If you go up a proper mountain bring a jacket. One with a hood big enough to cover your helmet is the dream. The Arc’Teryx Beta is Goretex and helmet compatible with a wide brim. I trust it in any climatic condition. It’s basically a house you can wear, so reliable. I also recently purchased the Montane Minimus Waterproof Jacket Women’s from Backpacking Light. It packs down TINY, fits over my helmet like a glove and is extremely breathable. It only weights 170 grams. If conditions are extremely wet I would trust the Arc’Teryx Beta however if I want to be ultralight I would bring the Montane. Also get a rain jacket big enough that you can wear a downjacket inside it.

Merino (MeriYES)
If you haven’t jumped on board the merino train yet you need to do it immediately. It doesn’t matter whether it is summer or winter, merino acts as a natural heat regulator. Merino has a very wide useable temperature range and will keep you warm even when it’s wet. It’s amazing because unlike cotton, your clothing will not smell like salty sweat. This is important in remote and long trips because no one likes smelling themselves which is inevitable in cotton. Merino socks are the biggest game changer and I can’t stop talking about them!

Practice using your sleep kit
Making sure you are confident with your sleep system is important when in remote areas. You can practice setting up your sleep system with a backyard campout so you are confident in setting up and packing down your sleep gear.

Gloves

My hands absolutely torn apart on Big River Road (Taungurung Country) from using rubbery grips without gloves

Learn from my rookie mistakes . If you are going long-distances in remote areas, buy gloves otherwise your hands will be destroyed (exhibit A). Especially if you have rubber grips (I love Oury grips but I learnt the hard way they are not ideal for remote and long distances without gloves). Also consider that if you have even small crash it’s pretty easy to cut or graze your palms. Having three days more to ride with the palms of your hands all torn up is zero fun! If it is raining, the Giro Xnetic H20 gloves have been the biggest life saver. They keep my hands water-free. I have descended from mountains covered in snow in them and they have worked like a dream. They are one of my favourite products.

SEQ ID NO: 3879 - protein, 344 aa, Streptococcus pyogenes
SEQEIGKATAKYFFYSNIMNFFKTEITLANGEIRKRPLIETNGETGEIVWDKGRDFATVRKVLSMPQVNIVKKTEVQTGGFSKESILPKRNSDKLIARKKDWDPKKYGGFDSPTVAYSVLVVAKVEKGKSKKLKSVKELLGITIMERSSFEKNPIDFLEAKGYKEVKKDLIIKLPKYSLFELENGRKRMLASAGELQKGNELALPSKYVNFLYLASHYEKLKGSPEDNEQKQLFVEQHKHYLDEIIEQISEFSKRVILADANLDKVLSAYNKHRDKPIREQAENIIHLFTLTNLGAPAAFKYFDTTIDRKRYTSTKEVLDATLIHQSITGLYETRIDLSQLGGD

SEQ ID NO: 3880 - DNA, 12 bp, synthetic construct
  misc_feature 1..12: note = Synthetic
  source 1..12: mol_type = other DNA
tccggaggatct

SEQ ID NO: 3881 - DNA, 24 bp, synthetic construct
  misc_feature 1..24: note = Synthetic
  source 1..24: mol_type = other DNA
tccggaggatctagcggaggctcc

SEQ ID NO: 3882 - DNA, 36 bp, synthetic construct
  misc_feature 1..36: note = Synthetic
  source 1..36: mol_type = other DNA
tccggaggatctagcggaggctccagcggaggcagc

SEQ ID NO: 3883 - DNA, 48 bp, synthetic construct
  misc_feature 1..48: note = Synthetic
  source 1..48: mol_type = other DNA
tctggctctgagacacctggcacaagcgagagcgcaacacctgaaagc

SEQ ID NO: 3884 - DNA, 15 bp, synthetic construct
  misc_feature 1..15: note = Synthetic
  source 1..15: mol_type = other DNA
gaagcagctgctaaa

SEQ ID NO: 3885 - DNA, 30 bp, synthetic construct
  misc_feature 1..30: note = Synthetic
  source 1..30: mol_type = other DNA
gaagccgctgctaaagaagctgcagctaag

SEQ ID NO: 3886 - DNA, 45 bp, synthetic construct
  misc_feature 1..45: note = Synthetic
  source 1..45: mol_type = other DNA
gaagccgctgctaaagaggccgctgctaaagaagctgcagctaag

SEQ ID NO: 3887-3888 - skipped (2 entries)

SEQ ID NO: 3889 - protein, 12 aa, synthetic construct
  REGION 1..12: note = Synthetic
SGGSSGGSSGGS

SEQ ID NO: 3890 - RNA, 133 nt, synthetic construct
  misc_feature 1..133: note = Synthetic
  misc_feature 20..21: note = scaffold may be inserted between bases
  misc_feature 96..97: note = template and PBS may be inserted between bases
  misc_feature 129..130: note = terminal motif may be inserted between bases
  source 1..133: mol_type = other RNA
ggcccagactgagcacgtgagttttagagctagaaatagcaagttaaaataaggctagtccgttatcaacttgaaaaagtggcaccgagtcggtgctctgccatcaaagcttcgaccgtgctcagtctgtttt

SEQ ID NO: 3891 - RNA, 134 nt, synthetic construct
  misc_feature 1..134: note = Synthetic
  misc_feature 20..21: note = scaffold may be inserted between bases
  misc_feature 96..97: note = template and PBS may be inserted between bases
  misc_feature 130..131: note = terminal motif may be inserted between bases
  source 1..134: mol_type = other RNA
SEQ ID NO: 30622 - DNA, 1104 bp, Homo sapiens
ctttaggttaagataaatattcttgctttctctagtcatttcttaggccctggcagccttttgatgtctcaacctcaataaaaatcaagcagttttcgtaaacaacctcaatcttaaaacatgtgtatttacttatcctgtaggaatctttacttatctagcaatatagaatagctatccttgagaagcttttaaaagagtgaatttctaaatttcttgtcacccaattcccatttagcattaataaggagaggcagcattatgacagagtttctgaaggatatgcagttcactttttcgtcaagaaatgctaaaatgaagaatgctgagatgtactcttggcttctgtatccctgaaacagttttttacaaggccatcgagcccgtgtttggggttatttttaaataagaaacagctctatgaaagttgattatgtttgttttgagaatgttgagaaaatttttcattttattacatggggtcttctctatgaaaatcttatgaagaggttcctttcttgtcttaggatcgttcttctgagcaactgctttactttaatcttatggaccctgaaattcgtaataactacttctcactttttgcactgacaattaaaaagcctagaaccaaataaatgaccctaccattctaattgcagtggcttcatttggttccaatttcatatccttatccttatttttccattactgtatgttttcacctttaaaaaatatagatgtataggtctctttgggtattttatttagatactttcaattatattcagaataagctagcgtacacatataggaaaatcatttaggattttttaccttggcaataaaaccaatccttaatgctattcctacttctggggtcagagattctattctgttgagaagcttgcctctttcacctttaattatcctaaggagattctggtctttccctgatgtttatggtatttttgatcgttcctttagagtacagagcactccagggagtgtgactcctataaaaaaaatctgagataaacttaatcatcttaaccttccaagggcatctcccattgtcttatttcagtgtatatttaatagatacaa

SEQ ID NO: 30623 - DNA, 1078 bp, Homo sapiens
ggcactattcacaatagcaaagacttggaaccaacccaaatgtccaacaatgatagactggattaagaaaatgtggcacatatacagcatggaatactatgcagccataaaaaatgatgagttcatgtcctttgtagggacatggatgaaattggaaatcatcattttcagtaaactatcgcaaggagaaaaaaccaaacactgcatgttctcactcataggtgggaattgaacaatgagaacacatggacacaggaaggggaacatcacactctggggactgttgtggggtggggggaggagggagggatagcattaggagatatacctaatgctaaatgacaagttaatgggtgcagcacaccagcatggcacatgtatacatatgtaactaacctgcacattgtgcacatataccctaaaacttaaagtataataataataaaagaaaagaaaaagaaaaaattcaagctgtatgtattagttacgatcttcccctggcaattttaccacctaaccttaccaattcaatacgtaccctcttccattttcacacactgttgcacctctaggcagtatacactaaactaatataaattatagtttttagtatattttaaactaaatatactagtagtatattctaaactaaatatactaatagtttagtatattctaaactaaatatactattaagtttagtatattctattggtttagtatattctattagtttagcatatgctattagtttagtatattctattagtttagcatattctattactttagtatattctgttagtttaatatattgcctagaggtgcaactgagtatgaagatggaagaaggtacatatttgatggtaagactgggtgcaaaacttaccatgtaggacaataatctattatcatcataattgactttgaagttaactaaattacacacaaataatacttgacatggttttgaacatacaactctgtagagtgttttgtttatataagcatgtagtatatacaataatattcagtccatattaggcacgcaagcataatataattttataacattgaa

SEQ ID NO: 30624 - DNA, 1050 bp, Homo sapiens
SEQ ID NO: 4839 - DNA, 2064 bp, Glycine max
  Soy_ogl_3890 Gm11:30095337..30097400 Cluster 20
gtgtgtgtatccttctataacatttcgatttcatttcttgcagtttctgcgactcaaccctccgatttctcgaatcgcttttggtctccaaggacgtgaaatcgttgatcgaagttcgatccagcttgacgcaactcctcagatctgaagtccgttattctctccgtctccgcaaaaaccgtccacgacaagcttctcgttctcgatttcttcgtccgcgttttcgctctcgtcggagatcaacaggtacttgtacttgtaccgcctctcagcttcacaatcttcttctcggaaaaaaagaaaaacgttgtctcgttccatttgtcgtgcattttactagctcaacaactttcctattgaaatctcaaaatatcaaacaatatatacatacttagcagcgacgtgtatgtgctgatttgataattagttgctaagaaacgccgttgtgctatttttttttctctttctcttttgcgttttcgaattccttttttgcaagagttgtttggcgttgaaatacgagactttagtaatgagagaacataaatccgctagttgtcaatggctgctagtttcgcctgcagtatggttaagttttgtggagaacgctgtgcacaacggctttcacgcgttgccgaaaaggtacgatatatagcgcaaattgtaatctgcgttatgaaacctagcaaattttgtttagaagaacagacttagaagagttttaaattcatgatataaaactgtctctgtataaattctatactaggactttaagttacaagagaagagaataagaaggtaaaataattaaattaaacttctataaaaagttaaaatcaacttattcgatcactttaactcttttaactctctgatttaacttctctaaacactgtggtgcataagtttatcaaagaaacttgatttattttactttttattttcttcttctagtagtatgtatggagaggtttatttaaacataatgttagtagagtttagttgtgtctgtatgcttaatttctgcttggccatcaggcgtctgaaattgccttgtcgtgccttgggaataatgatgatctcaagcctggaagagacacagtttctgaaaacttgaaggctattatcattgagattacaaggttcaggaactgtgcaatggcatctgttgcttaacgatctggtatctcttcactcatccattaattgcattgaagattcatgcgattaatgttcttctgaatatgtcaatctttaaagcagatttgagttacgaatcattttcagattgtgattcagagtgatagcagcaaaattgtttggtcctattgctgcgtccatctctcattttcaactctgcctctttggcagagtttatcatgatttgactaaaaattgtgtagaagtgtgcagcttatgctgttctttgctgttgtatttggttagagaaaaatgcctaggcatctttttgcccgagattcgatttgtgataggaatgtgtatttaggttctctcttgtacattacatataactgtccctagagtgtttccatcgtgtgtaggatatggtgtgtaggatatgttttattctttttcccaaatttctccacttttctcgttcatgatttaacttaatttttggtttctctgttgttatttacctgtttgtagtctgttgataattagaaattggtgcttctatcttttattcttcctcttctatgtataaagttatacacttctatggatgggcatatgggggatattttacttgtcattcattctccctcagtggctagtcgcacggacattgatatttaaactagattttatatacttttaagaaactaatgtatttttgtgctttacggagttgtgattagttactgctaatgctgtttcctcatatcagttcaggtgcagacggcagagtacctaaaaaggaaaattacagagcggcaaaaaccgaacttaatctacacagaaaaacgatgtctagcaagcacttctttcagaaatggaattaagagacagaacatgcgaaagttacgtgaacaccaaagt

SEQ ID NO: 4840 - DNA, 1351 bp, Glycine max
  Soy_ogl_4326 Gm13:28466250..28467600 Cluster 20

I hope that these tips have been helpful to you. If you are planning your first trip, and you want someone to hype you up, I work Friday and Saturdays at Commuter. Come say hi 🙂 Happy riding. Kia B.


9 comments

  1. Great tips. Thankyou.

  2. Really Good solid sensible advice. Keep up the great work.

  3. Kia, both practical and sensible this blog is becoming a looked-for feature. I love the definition of remote as any place where help comes from the authorities rather than friends and family. When terrain is rugged, that doesn’t have to be far: 60km from the CBD of Canberra where I live can see you with a broken chain, no water and limited mobile reception in 38C heat with nobody around for hours.

    I liked your comment on tyre plugs since many riders don’t know about them. It would have benefited to discuss why not just spare tubes (multi-day rides over outback thorns are a great answer to that question, but there may be others.)

    Regarding filters, for bikepacking I prefer the Sawyer. Good versatility, good flow, slightly more packable, better for refilling bottles. When space and weight matter less I’d go with a Grayl Geopress just for how it handles volume. If a Lifestraw is what I had though, I’d use it.

    Agree on the Garmin Inreach. A great choice for bikepackers with flexible plans, and one per group is a smart idea. Agree on merino for four seasons and the value of gloves — synthetic wicking layers are good too.

    Look forward to future blog posts.

  4. Super useful info, thanks

  5. Hey Belinda 🙂
    So glad you found this article useful. Happy riding!
    KB

  6. Hey Mark!
    Thanks for your response and recommendations. I will have to check out the Sawyer and Grayl Geopress 🙂
    KB.

  7. Hello Andrew,
    Thanks! I’m happy you enjoyed reading this article.
    KB.

  8. Hey Daniela,
    Glad you enjoyed these tips. Happy riding.
    KB

  9. I am attempting to rapidly ingest as much information on Vic Divide as possible and I really enjoyed this post.

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Commuter Cycles acknowledges the Wurundjeri Woi Wurrung people of the Kulin Nation as the Traditional custodians of the lands and waterways in the area now known as Brunswick, and pays respect to their Elders past, present, and emerging, as well as to all First Nations’ communities in Australia.